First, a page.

The days of the Broad Street Bullies are in the rearview mirror. Additionally, today's National Hockey League has transitioned to a more finesse-oriented style of play as opposed to physical. Regardless, after a few rocky days of hockey, the Flyers are lacking some of their talent, but more importantly seem to lack their "killer instinct."
With no fans in the majority of NHL arenas for the time being, the mental side of the game has grown exponentially. In other words, it's up to the players themselves to bring their own motivation day in and day out until each team's faithful followers can make long-awaited returns to the stands.
As stated before, the Flyers are down a few key players in Sean Couturier, Phil Myers and Morgan Frost. Also, defenseman Shayne Gostisbehere is just returning to action after being on the league's COVID Protocol list. The constant jumbling of lines, poor play, and lineup changes have definitely made for some tumultuous hockey these last few days.
Despite differences in personnel, one is left to wonder what's been wrong with the team as they've gone through their first rough patch of the season.
Yes, ebbs and flows of the NHL schedule happen to every team, but I believe that this team has had a problem finding that "next gear" of their game, their "killer instinct."
In the league's Return to Play stage last season, the Flyers dominated each and every one of their Round Robin games and took the Eastern Conference's top seed going into the Stanley Cup Playoffs. The team as a whole was firing on all cylinders and it looked as if they were poised to make a legitimate run at a championship for the first time in a long time.
Philadelphia took down the Montreal Canadiens in the first round of the Playoffs relatively easily. In a six-game series, goaltender Carter Hart shutout Montreal twice and outshined his idol, Carey Price, at the other end of the ice. The Flyers looked good and had some of the usual mistakes happen. However, a couple of worrisome topics came to light.
In the series against Montreal, the Flyers' power play looked almost lifeless. They were also outscored 13-11 and outshot 145-132 throughout the series. Additionally, the team's top scorers seemed nowhere to be found.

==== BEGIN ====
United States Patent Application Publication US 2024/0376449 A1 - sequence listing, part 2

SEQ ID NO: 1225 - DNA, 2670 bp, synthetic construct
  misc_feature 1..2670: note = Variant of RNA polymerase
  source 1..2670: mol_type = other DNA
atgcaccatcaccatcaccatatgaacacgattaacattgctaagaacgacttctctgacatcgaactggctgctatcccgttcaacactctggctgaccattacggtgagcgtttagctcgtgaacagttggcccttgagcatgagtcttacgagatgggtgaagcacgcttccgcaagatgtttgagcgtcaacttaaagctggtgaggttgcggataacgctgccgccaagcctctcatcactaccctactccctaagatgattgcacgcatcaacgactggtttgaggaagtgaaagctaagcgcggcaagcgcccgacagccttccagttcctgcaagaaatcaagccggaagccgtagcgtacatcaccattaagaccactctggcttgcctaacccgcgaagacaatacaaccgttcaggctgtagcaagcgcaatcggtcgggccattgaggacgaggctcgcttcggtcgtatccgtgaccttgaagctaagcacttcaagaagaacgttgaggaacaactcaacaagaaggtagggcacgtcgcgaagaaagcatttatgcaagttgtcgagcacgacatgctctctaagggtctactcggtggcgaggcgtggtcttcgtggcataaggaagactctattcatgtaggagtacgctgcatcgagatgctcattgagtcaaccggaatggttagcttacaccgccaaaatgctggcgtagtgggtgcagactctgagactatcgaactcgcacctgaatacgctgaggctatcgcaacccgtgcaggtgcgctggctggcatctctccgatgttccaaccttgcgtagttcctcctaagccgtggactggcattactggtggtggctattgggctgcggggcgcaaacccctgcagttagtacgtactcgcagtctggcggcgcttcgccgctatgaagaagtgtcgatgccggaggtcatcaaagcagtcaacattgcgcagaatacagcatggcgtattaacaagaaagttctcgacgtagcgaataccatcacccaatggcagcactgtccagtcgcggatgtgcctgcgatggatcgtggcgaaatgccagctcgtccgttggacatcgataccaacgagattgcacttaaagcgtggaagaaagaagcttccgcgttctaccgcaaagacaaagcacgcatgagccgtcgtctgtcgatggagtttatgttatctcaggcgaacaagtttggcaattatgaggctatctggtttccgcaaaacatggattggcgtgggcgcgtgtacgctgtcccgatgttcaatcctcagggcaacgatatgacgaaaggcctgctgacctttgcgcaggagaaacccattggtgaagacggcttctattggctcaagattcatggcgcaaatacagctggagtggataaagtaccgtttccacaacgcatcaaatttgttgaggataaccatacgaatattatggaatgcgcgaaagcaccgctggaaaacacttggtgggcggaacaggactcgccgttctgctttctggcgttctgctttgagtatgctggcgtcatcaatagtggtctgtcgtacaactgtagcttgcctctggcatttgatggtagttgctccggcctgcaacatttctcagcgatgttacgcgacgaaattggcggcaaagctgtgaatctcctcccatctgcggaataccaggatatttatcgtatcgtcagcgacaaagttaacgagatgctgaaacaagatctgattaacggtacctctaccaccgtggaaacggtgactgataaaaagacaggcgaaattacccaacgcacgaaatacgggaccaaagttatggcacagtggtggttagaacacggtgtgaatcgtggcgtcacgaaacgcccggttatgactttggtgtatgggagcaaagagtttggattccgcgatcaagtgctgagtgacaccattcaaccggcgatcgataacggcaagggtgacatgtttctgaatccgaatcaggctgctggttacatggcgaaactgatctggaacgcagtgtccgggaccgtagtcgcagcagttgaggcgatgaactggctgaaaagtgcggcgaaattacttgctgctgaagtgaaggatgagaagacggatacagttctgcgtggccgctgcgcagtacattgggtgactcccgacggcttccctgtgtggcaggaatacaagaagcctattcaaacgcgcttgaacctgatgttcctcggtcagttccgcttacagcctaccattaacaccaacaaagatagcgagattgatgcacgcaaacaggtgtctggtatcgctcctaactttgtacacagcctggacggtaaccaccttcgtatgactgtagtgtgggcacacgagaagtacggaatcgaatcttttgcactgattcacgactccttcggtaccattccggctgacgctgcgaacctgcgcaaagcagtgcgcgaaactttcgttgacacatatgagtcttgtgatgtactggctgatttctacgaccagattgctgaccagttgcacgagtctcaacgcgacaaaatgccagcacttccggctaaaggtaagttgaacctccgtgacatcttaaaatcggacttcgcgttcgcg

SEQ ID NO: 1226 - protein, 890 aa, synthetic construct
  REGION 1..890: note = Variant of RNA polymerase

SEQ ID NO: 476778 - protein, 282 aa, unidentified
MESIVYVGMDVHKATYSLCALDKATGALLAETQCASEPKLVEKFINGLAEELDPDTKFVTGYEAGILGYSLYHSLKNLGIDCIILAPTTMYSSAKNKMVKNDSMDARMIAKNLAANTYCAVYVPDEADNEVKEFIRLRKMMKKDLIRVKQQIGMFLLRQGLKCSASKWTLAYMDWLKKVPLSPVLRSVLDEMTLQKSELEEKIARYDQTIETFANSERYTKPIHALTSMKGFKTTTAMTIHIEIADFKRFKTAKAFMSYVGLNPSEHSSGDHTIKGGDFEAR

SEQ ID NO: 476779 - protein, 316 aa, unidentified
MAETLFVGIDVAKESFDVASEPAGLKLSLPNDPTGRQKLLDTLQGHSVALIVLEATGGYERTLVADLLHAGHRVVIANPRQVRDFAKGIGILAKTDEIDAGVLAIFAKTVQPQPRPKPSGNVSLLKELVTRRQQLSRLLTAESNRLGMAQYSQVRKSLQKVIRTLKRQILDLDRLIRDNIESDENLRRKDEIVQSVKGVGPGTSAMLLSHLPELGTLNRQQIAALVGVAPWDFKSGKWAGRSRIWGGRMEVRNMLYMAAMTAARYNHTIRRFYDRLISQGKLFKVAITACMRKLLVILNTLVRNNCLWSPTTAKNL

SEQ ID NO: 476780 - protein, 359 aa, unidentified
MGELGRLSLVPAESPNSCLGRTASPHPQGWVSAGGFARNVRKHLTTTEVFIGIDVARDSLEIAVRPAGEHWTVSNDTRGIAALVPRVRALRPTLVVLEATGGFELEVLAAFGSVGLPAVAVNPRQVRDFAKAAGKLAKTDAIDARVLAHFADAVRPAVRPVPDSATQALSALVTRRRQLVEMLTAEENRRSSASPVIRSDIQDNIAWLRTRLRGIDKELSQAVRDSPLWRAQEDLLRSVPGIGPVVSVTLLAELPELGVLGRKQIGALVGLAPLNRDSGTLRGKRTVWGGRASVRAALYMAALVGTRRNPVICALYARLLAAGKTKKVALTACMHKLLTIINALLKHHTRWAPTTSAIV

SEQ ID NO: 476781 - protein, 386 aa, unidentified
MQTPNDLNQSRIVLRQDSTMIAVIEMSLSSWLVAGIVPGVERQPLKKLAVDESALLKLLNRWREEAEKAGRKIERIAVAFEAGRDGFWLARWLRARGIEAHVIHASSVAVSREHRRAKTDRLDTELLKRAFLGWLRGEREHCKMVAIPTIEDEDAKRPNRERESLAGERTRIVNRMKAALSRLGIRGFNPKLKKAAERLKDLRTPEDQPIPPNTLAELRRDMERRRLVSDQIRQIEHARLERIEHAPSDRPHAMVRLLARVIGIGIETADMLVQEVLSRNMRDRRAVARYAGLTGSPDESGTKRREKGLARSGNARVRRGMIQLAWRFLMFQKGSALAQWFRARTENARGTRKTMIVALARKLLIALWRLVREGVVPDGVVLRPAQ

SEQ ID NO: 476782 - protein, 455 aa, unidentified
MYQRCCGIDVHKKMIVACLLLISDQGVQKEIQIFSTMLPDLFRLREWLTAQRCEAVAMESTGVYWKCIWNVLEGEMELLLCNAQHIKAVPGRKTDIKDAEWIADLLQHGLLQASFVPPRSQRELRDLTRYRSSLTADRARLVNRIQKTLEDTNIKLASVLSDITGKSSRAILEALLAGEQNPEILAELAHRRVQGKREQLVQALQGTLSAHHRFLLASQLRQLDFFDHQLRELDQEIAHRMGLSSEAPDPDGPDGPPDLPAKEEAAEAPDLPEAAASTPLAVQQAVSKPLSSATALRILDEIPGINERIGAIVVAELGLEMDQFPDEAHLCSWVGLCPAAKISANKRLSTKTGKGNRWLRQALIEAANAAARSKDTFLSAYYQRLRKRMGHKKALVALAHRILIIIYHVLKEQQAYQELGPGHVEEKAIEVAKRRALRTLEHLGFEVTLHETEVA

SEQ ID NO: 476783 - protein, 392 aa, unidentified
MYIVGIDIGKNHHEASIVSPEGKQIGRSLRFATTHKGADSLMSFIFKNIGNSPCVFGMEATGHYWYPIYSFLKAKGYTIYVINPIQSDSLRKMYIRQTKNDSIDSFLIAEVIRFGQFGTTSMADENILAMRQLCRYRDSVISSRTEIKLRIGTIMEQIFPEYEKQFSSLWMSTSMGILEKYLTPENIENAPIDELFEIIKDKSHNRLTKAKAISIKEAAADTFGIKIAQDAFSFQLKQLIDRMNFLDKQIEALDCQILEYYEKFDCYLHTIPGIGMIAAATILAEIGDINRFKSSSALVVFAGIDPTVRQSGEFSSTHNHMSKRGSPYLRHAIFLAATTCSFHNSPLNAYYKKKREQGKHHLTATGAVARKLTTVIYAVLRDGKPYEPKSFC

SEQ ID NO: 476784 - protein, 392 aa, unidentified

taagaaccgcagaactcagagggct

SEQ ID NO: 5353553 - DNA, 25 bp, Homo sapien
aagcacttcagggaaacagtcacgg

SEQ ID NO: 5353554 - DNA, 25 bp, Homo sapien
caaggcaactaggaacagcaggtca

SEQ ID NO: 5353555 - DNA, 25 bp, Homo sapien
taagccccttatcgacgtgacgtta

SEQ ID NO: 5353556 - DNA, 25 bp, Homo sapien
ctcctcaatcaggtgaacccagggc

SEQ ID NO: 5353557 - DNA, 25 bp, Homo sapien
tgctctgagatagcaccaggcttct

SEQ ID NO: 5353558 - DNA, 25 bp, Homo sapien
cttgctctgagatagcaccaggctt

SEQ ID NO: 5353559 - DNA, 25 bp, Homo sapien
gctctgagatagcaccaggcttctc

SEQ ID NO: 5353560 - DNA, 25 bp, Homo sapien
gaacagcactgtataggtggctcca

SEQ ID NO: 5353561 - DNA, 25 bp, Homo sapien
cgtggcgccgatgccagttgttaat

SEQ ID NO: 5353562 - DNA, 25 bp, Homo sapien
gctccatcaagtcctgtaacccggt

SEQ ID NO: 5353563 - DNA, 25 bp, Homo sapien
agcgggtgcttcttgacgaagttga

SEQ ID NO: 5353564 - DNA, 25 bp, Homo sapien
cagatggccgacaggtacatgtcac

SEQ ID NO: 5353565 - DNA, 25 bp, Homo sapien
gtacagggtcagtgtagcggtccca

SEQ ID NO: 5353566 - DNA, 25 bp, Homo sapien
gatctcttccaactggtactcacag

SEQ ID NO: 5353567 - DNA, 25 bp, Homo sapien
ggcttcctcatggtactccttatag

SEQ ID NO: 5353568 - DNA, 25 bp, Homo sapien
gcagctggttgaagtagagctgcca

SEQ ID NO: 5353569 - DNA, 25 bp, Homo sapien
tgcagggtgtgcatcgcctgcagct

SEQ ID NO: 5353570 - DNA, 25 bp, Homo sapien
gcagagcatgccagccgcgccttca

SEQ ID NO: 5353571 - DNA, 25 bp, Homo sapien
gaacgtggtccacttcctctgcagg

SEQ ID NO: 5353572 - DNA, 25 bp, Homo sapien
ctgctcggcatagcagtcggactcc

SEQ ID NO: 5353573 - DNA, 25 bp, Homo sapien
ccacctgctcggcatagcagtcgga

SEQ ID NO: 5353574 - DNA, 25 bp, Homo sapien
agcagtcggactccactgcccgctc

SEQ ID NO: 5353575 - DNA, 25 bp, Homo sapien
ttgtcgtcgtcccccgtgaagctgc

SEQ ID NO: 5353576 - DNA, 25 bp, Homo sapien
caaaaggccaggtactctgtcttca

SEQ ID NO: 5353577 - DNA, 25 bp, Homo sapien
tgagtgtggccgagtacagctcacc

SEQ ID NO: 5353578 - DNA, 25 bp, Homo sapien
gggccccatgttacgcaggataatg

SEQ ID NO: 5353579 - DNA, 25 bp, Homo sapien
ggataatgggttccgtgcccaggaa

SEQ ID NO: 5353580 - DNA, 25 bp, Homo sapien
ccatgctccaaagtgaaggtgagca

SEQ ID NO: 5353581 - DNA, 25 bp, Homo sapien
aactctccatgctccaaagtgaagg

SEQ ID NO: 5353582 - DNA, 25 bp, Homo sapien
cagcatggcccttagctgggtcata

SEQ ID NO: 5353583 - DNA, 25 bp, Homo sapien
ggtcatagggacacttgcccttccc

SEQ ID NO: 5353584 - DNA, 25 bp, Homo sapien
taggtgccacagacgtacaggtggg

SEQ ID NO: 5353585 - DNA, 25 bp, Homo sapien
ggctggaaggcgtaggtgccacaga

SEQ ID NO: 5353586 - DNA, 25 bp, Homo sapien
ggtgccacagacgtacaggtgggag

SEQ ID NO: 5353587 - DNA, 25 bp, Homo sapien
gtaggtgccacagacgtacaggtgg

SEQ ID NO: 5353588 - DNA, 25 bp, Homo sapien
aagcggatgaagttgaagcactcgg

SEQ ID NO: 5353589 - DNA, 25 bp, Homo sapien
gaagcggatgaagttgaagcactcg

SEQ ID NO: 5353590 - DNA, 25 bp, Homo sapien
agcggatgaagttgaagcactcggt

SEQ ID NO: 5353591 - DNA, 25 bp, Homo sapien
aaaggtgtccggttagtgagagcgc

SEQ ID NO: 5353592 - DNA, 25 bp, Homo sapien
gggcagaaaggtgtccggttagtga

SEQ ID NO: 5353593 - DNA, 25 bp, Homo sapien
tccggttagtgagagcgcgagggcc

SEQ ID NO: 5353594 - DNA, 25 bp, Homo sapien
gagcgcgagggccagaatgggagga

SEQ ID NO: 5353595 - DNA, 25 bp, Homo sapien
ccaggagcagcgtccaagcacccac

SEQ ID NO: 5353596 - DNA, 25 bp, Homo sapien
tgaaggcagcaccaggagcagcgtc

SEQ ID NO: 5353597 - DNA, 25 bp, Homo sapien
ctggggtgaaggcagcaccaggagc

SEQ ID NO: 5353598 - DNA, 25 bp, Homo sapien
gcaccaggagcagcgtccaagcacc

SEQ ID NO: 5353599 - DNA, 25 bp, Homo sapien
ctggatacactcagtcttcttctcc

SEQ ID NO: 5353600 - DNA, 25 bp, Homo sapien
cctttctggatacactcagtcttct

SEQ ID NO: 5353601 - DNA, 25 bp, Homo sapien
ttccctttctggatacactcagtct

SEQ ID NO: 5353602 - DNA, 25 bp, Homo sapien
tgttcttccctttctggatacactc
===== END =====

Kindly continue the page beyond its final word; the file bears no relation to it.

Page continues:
Next, in the second round against the New York Islanders, things got ugly. On multiple occasions through the seven-game series, the Flyers were hemmed in their own zone for minutes at a time until either a penalty was taken or the Islanders scored a goal. On top of that, New York played their patented "suffocating" style of hockey with strong forechecking, neutral zone clog-ups and just being stingy overall giving up goals.
Yes, the Flyers did make it to Game 7, but their effort in that climatic game was anything but heroic. Philadelphia mustered up just 16 shots throughout the game and were shutout, 4-0, to be eliminated from the Playoffs. It was bittersweet as the team had won its first playoff series in eight seasons yet went out with a whimper instead of a bang after so much hype.
Fast forward to this season. The Flyers are six games into their 56-game sprint of a schedule and already are having the same type of problems. Of course, it's no time to panic, but with such a short season each game will continually be more important in the Flyers' hopes of another run at the Stanley Cup.
Currently, the team's power play is clicking at just 26.3 percent earning them the 12th spot in the league. On the penalty kill side of things, they sit near the bottom of the barrel with a 63.6 percent PK and the 29th spot in the NHL. However it's looked at, the Flyers' special teams could and should be better with the caliber of players they have.
Additionally, Philadelphia has also fallen from grace when it comes to pucks on net. Last season, the Flyers ended up with the 16th spot in the league averaging 31.4 shots per game. Now, they sit dead last averaging just 23.7 shots per game.
On top of that, they were the league's best team when it came to shots allowed per game last season allowing just 28.7 shots against. Now, through six games, they've allowed the third most shots on goal per game at 35.5. Again, there should be and needs to be improvement.
The statistics don't lie and fans have seen how this team has struggled as of late. With no fans in the buildings, again, it's imperative that the Flyers find that "killer instinct" in order to right the ship. In turn, one can believe and bank on the statistics and overall level of play improving immensely.
The fans know what this team is capable of and have seen glimpses of it in the past. Now, it's time for the Flyers to show their teeth and, no pun intended, show some grit as well. If they can kick their game back into gear and elevate their play once again, there's no telling what they can achieve.